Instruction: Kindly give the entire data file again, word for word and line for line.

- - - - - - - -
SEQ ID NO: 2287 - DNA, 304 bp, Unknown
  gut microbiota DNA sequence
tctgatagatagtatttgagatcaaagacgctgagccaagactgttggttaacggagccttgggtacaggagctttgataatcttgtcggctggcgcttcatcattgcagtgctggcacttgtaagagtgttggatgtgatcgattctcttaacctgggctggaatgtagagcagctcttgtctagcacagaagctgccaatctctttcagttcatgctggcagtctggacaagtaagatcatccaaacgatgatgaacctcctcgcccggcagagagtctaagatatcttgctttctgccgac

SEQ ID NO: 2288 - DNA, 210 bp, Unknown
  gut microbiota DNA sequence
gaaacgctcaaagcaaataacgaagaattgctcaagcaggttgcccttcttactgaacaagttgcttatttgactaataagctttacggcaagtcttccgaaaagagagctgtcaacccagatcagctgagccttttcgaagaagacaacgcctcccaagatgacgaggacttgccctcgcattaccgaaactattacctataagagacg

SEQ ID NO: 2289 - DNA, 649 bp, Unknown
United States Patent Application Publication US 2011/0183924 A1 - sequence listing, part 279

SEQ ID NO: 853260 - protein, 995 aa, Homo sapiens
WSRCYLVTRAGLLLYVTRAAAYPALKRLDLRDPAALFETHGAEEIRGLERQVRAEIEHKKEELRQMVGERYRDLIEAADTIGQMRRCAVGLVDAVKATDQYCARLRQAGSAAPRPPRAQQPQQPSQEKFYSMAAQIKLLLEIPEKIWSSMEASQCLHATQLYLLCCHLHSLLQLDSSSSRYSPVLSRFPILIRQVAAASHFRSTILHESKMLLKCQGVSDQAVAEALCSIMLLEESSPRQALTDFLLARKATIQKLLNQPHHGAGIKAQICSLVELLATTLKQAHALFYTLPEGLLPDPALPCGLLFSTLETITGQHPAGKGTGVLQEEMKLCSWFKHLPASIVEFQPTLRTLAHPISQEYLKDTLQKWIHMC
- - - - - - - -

SEQ ID NO: 2287 - DNA, 304 bp, Unknown
  gut microbiota DNA sequence
tctgatagatagtatttgagatcaaagacgctgagccaagactgttggttaacggagccttgggtacaggagctttgataatcttgtcggctggcgcttcatcattgcagtgctggcacttgtaagagtgttggatgtgatcgattctcttaacctgggctggaatgtagagcagctcttgtctagcacagaagctgccaatctctttcagttcatgctggcagtctggacaagtaagatcatccaaacgatgatgaacctcctcgcccggcagagagtctaagatatcttgctttctgccgac

SEQ ID NO: 2288 - DNA, 210 bp, Unknown
  gut microbiota DNA sequence
gaaacgctcaaagcaaataacgaagaattgctcaagcaggttgcccttcttactgaacaagttgcttatttgactaataagctttacggcaagtcttccgaaaagagagctgtcaacccagatcagctgagccttttcgaagaagacaacgcctcccaagatgacgaggacttgccctcgcattaccgaaactattacctataagagacg

SEQ ID NO: 2289 - DNA, 649 bp, Unknown
United States Patent Application Publication US 2011/0183924 A1 - sequence listing, part 279

SEQ ID NO: 853260 - protein, 995 aa, Homo sapiens
WSRCYLVTRAGLLLYVTRAAAYPALKRLDLRDPAALFETHGAEEIRGLERQVRAEIEHKKEELRQMVGERYRDLIEAADTIGQMRRCAVGLVDAVKATDQYCARLRQAGSAAPRPPRAQQPQQPSQEKFYSMAAQIKLLLEIPEKIWSSMEASQCLHATQLYLLCCHLHSLLQLDSSSSRYSPVLSRFPILIRQVAAASHFRSTILHESKMLLKCQGVSDQAVAEALCSIMLLEESSPRQALTDFLLARKATIQKLLNQPHHGAGIKAQICSLVELLATTLKQAHALFYTLPEGLLPDPALPCGLLFSTLETITGQHPAGKGTGVLQEEMKLCSWFKHLPASIVEFQPTLRTLAHPISQEYLKDTLQKWIHMC